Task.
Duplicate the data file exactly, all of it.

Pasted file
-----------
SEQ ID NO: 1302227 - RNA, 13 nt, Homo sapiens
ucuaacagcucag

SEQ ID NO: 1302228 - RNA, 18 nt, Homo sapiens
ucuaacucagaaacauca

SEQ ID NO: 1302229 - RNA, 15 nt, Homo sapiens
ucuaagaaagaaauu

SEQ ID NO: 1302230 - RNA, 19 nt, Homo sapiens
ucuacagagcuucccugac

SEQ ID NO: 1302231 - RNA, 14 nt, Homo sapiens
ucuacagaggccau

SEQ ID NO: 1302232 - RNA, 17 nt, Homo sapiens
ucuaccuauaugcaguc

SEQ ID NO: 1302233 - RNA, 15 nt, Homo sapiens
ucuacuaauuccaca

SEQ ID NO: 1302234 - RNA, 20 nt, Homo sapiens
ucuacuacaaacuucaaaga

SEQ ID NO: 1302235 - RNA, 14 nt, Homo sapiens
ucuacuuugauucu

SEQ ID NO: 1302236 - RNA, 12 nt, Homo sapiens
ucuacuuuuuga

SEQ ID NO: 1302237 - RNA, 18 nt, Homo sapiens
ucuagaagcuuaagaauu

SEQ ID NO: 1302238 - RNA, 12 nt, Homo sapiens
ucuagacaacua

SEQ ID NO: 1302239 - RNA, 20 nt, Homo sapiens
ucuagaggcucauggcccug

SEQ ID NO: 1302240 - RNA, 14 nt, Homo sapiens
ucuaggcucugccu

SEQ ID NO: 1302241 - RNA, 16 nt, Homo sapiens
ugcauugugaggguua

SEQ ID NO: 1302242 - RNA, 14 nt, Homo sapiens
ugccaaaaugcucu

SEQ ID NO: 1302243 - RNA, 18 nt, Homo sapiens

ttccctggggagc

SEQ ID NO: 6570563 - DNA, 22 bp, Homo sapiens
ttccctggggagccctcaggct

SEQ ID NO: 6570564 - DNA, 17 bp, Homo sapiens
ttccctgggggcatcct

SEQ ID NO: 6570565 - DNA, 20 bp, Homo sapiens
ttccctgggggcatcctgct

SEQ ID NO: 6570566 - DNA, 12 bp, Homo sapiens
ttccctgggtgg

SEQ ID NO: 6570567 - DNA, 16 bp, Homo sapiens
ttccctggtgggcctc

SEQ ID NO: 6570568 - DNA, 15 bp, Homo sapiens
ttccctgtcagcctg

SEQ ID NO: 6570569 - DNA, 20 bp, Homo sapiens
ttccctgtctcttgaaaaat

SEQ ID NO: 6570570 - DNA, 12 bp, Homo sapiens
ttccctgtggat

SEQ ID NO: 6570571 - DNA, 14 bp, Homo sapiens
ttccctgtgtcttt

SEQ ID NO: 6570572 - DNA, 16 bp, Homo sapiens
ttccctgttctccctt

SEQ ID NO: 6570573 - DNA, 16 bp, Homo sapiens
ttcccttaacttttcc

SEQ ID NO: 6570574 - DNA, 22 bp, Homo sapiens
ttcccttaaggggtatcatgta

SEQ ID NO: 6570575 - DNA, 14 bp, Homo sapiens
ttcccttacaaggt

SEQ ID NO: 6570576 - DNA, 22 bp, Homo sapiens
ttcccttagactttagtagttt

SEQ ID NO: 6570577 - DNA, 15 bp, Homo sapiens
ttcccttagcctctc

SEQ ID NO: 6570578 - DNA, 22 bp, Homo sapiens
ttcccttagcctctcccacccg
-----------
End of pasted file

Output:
SEQ ID NO: 1302227 - RNA, 13 nt, Homo sapiens
ucuaacagcucag

SEQ ID NO: 1302228 - RNA, 18 nt, Homo sapiens
ucuaacucagaaacauca

SEQ ID NO: 1302229 - RNA, 15 nt, Homo sapiens
ucuaagaaagaaauu

SEQ ID NO: 1302230 - RNA, 19 nt, Homo sapiens
ucuacagagcuucccugac

SEQ ID NO: 1302231 - RNA, 14 nt, Homo sapiens
ucuacagaggccau

SEQ ID NO: 1302232 - RNA, 17 nt, Homo sapiens
ucuaccuauaugcaguc

SEQ ID NO: 1302233 - RNA, 15 nt, Homo sapiens
ucuacuaauuccaca

SEQ ID NO: 1302234 - RNA, 20 nt, Homo sapiens
ucuacuacaaacuucaaaga

SEQ ID NO: 1302235 - RNA, 14 nt, Homo sapiens
ucuacuuugauucu

SEQ ID NO: 1302236 - RNA, 12 nt, Homo sapiens
ucuacuuuuuga

SEQ ID NO: 1302237 - RNA, 18 nt, Homo sapiens
ucuagaagcuuaagaauu

SEQ ID NO: 1302238 - RNA, 12 nt, Homo sapiens
ucuagacaacua

SEQ ID NO: 1302239 - RNA, 20 nt, Homo sapiens
ucuagaggcucauggcccug

SEQ ID NO: 1302240 - RNA, 14 nt, Homo sapiens
ucuaggcucugccu

SEQ ID NO: 1302241 - RNA, 16 nt, Homo sapiens
ugcauugugaggguua

SEQ ID NO: 1302242 - RNA, 14 nt, Homo sapiens
ugccaaaaugcucu

SEQ ID NO: 1302243 - RNA, 18 nt, Homo sapiens

ttccctggggagc

SEQ ID NO: 6570563 - DNA, 22 bp, Homo sapiens
ttccctggggagccctcaggct

SEQ ID NO: 6570564 - DNA, 17 bp, Homo sapiens
ttccctgggggcatcct

SEQ ID NO: 6570565 - DNA, 20 bp, Homo sapiens
ttccctgggggcatcctgct

SEQ ID NO: 6570566 - DNA, 12 bp, Homo sapiens
ttccctgggtgg

SEQ ID NO: 6570567 - DNA, 16 bp, Homo sapiens
ttccctggtgggcctc

SEQ ID NO: 6570568 - DNA, 15 bp, Homo sapiens
ttccctgtcagcctg

SEQ ID NO: 6570569 - DNA, 20 bp, Homo sapiens
ttccctgtctcttgaaaaat

SEQ ID NO: 6570570 - DNA, 12 bp, Homo sapiens
ttccctgtggat

SEQ ID NO: 6570571 - DNA, 14 bp, Homo sapiens
ttccctgtgtcttt

SEQ ID NO: 6570572 - DNA, 16 bp, Homo sapiens
ttccctgttctccctt

SEQ ID NO: 6570573 - DNA, 16 bp, Homo sapiens
ttcccttaacttttcc

SEQ ID NO: 6570574 - DNA, 22 bp, Homo sapiens
ttcccttaaggggtatcatgta

SEQ ID NO: 6570575 - DNA, 14 bp, Homo sapiens
ttcccttacaaggt

SEQ ID NO: 6570576 - DNA, 22 bp, Homo sapiens
ttcccttagactttagtagttt

SEQ ID NO: 6570577 - DNA, 15 bp, Homo sapiens
ttcccttagcctctc

SEQ ID NO: 6570578 - DNA, 22 bp, Homo sapiens
ttcccttagcctctcccacccg